Norwegian Body Fined for Negligent Security Measures

The Norwegian Data Protection Authority (DPA) has been investigating a data breach by a public body. They looked at the breach in relation to Data Protection Regulations and GDPR.

The Breach

An employee of the public body was contacted by his bank after attempts were made to misuse their payment cards abroad. The employee notified the Body and it was then they realised they had been exposed to a data breach via unauthorized logins. This was linked to the email accounts of an unknown number of representatives and employees. As they investigated this it was discovered the following information had been taken:

  • Bank account information
  • Personal information about third parties
  • Birth numbers
  • Health information

Data Protection Regulations and GDPR

The Data Protection Regulations address situations such as this and organizations are expected to put measures in place to prevent breaches like this taking place. Article 5(1)(f) of the Regulations states that personal data shall be processed in a manner that ensures adequate security. This must include protection against unauthorized or illegal processing and unintentional loss, destruction or damage. There is also an obligation to have technical and organisational measures. These measure could include technical measures, such as authentication solutions, or organisational measures, such as procedures and training of personnel.

When the DPA analyses a case like this great weight is given to the company’s own risk assessment and the necessary measures they have in place. In the Body’s latest Return on Sales analysis there were a number of risks highlighted. A lack of two-factor authentication, a lack of security culture, and low competence and little focus on personal security. It was revealed that the Return on Sales analysis revealed vulnerabilities that could have been compensated for by organisational measures. This is required in article 32 of the GDPR. Some measures that could have been taken included, assessing employees’ knowledge of information security and personal data protection and targeted training.


It was found that the Body did not implement technical measures that could have prevented the infringement. By not having security measures or having inadequate ones greatly increased the likelihood of a security breach and attacks via employees emails are a well-known strategy. Secure authentication is considered a simple and essential security measure to reduce the risk of attacks just like this.

The intruders gained access to a number of the Body’s email accounts due to lack of security measures. A previous risk assessment done by the Body had concluded that two-factor authentication should have been introduced but this took a disproportionate amount of time.

It was clear that if the necessary measures had been taken and implemented at an earlier stage it’s likely the attack would have been avoided. By failing to introduce appropriate measures to deal with an indentified vulnerability they breached GDPR.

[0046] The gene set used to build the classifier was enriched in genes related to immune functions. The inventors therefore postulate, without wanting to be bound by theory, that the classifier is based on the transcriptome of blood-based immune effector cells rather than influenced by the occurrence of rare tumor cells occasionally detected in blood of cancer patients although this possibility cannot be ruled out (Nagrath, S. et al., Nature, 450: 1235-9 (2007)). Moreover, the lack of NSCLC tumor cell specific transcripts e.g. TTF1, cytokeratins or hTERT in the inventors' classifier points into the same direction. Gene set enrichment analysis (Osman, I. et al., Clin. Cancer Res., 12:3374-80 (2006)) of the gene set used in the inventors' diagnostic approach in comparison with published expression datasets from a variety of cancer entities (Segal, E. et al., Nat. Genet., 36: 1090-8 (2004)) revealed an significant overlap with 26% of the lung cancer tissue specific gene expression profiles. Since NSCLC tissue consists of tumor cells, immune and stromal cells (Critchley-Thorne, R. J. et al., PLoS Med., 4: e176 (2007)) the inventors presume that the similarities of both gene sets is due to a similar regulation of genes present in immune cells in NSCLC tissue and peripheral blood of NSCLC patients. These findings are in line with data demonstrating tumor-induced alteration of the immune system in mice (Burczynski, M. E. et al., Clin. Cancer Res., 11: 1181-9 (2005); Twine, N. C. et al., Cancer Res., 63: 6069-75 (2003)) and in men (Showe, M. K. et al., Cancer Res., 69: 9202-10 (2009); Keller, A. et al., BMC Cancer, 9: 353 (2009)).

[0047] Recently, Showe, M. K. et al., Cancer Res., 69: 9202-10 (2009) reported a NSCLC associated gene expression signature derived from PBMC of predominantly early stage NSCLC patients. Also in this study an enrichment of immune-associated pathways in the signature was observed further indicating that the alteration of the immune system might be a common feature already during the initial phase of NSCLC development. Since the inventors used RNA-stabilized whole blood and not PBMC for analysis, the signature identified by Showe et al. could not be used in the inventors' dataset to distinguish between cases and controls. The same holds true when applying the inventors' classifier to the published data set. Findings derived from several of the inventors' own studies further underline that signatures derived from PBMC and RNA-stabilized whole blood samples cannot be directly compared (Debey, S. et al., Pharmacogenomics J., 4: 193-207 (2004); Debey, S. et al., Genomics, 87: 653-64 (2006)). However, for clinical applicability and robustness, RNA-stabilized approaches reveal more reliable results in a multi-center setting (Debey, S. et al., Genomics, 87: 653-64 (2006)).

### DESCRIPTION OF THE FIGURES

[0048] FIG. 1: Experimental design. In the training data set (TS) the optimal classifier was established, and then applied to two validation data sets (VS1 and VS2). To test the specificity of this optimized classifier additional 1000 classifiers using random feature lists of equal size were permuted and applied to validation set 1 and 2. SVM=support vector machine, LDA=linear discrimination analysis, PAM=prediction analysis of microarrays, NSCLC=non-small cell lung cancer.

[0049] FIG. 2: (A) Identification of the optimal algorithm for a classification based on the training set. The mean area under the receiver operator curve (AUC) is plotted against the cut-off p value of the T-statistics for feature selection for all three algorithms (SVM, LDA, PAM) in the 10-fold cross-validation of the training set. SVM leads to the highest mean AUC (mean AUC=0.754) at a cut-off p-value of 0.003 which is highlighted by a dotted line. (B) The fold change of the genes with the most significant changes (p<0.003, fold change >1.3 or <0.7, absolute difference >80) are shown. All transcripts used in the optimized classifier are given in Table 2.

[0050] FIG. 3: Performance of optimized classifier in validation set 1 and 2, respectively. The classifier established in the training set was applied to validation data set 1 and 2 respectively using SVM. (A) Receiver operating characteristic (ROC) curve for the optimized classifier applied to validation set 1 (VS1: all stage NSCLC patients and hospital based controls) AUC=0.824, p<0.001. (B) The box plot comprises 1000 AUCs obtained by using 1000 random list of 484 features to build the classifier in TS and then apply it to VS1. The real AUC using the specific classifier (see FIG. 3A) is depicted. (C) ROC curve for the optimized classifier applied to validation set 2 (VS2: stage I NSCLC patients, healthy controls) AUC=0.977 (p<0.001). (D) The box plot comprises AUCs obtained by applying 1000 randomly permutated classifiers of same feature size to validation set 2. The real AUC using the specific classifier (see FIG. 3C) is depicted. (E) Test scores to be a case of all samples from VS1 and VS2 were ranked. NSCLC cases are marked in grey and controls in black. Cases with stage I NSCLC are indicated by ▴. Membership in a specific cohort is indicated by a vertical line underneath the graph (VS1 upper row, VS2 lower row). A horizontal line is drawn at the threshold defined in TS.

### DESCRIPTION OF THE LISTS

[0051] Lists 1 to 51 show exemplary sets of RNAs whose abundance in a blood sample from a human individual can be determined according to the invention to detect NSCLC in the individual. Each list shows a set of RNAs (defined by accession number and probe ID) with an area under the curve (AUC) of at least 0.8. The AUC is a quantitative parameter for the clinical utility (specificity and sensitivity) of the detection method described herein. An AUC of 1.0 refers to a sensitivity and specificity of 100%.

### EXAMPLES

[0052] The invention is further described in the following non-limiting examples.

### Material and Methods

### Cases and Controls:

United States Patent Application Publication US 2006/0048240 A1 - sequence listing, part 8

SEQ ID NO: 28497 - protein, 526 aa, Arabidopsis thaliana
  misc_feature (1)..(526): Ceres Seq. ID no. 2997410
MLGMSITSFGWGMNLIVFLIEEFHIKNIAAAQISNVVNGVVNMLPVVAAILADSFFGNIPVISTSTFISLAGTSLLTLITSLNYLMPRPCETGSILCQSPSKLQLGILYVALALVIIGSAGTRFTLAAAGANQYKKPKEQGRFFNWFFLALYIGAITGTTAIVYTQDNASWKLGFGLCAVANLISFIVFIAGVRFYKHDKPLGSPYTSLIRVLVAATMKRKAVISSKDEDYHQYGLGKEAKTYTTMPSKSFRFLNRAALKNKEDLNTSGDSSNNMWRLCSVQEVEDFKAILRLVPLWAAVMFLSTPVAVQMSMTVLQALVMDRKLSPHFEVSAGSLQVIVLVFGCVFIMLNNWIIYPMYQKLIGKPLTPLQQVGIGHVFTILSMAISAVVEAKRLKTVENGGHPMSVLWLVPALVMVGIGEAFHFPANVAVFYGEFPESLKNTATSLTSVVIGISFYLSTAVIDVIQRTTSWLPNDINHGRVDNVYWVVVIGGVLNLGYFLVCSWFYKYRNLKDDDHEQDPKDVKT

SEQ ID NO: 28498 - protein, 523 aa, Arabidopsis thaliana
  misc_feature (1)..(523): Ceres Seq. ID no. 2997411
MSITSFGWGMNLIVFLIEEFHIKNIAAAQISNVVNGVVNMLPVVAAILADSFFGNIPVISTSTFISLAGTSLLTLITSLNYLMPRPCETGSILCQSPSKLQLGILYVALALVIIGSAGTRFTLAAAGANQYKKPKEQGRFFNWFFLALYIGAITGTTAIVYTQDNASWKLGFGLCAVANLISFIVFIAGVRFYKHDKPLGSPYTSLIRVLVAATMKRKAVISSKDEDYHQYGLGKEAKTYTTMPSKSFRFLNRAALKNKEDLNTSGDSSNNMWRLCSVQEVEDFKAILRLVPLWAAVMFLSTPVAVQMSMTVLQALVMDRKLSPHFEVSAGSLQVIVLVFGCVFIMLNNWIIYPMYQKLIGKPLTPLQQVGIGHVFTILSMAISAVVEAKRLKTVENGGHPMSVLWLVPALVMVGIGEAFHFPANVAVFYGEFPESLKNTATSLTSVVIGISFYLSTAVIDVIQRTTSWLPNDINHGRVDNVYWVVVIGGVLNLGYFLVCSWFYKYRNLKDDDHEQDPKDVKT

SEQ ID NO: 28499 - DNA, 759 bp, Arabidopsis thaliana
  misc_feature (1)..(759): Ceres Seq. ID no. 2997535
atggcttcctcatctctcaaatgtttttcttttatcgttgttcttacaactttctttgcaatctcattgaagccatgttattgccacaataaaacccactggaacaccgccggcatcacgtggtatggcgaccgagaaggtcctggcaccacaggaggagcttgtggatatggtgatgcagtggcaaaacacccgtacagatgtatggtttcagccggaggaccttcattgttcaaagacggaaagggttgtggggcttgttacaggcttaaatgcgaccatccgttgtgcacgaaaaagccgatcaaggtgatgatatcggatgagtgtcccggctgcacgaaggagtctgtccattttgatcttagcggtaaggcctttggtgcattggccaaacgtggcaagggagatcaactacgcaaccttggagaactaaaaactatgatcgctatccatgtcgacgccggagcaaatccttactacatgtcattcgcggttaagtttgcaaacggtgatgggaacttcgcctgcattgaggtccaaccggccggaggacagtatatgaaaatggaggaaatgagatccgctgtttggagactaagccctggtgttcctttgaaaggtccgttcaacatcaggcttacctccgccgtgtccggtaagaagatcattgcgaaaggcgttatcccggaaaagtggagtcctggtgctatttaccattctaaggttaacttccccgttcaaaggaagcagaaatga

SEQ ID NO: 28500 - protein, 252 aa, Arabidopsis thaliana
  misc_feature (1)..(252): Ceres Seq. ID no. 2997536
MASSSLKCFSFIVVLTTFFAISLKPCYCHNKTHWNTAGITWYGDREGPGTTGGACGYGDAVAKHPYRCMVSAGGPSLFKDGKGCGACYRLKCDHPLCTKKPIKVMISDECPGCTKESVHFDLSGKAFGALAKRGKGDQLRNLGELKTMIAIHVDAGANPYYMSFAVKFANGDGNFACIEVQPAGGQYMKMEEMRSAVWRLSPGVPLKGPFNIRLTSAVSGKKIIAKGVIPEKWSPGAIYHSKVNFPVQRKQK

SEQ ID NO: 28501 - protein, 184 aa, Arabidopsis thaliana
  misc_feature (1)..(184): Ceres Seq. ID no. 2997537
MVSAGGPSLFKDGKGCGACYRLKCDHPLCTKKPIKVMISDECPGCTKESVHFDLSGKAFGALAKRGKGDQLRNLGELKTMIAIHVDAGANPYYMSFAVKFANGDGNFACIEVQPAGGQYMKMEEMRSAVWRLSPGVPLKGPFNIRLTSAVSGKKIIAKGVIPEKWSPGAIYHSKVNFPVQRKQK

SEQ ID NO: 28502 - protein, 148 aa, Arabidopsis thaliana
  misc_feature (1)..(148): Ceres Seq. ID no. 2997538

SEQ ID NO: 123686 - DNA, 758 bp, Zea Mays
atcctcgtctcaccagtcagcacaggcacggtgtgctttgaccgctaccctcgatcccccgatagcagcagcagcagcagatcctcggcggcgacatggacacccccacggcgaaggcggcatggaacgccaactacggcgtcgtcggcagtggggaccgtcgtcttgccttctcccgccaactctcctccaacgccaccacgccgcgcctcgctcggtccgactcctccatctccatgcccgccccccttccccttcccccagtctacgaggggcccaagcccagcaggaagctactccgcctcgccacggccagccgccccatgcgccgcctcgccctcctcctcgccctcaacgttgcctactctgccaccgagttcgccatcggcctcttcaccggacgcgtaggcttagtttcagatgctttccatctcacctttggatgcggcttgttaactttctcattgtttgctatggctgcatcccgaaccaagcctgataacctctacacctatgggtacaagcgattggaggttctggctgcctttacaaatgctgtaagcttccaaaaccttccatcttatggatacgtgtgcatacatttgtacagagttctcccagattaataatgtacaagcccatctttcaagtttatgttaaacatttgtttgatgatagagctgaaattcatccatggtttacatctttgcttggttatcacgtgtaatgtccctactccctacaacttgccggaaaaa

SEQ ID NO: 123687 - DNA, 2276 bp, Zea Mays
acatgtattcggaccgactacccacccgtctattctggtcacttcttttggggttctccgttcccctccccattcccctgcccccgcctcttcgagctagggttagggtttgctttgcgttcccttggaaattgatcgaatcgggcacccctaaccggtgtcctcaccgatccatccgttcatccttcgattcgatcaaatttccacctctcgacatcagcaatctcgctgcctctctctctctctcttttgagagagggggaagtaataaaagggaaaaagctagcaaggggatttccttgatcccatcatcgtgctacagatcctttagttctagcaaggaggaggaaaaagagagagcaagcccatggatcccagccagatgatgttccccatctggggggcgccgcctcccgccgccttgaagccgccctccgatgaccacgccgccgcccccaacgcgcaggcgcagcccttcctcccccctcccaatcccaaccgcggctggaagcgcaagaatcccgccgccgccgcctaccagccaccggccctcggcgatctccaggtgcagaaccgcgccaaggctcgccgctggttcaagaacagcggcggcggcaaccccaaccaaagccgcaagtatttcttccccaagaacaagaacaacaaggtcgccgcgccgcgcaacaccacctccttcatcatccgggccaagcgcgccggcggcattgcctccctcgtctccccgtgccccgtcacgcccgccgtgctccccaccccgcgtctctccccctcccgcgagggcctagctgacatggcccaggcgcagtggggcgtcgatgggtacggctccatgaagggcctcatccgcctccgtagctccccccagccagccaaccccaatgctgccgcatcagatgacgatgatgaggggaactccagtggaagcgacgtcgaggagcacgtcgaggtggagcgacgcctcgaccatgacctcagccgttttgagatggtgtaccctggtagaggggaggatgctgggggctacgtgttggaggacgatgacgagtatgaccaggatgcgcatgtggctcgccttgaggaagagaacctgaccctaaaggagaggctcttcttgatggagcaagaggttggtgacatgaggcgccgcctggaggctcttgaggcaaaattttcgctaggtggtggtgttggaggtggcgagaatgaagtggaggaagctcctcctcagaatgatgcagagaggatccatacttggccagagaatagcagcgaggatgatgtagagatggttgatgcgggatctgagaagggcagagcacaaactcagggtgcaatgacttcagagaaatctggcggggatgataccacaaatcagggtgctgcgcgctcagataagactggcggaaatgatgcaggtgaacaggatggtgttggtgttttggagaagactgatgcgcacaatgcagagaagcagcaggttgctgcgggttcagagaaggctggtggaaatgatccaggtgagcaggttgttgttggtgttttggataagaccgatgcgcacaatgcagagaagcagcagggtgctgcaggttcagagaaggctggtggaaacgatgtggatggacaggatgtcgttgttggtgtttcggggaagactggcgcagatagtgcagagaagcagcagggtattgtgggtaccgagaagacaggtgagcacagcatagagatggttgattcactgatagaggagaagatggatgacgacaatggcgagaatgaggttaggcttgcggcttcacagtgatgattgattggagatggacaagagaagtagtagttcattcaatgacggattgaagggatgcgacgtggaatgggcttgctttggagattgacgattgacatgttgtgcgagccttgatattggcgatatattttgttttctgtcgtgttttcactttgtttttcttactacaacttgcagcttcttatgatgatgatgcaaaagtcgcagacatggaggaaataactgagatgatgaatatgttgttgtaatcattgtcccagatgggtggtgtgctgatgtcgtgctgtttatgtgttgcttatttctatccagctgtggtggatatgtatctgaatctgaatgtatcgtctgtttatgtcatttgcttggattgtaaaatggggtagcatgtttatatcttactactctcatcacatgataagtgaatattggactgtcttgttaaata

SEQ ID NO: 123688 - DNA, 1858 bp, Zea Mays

The Body was ordered to pay a fine of NOK 2,000,000 ($222,600 USD). Some of the aggravating factors that were considered included:

  • The nature, gravity and duration of the infringement
    • Breach resulted in losing control of personal data and opened elected representatives up to blackmail
  • Whether the offence was committed intentionally or negligently
    • The Body was grossly negligent due to not implementing two-factor authentication or following up on known vulnerabilities
  • Degree of responsibility of the controller or processor
    • They took a significant risk by not setting up two-factor authentication when they should have
  • Level of cooperation with the DPA
    • There was no cooperation between the DPA and the Body’s administration to repair the damage
  • Categories of personal data concerned by the breach
    • The attackers had been able to access sensitive data

Some of the mitigating factors that were considered in the final decision included:

  • Any measures taken by the controller or processor to limit damage suffered by the data subjects. Following the attack:
    • New password requirements were introduced
    • The scope of security logging was expanded
    • Updated guidelines for mobile devices were issued
    • Work began on two-factor authentication
    • Training measures were implemented to increase employee awareness of information security
  • The Body had no previous violations to take into consideration
  • The Body themselves were the ones to report the breach to the DPA
Value Privacy

Although GDPR was implemented in 2018 there are still situations where data is put at risk. In this case data was accessed via intruders. Value Privacy are able to assess your company and any partners and associates you may work with to see whether you have any vulnerabilities such as the ones that led to the attack in this article. Cases like this can be costly and that’s not even considering the cost of the damage to your company’s reputation. Contact us today to find out how we can make your business safer.

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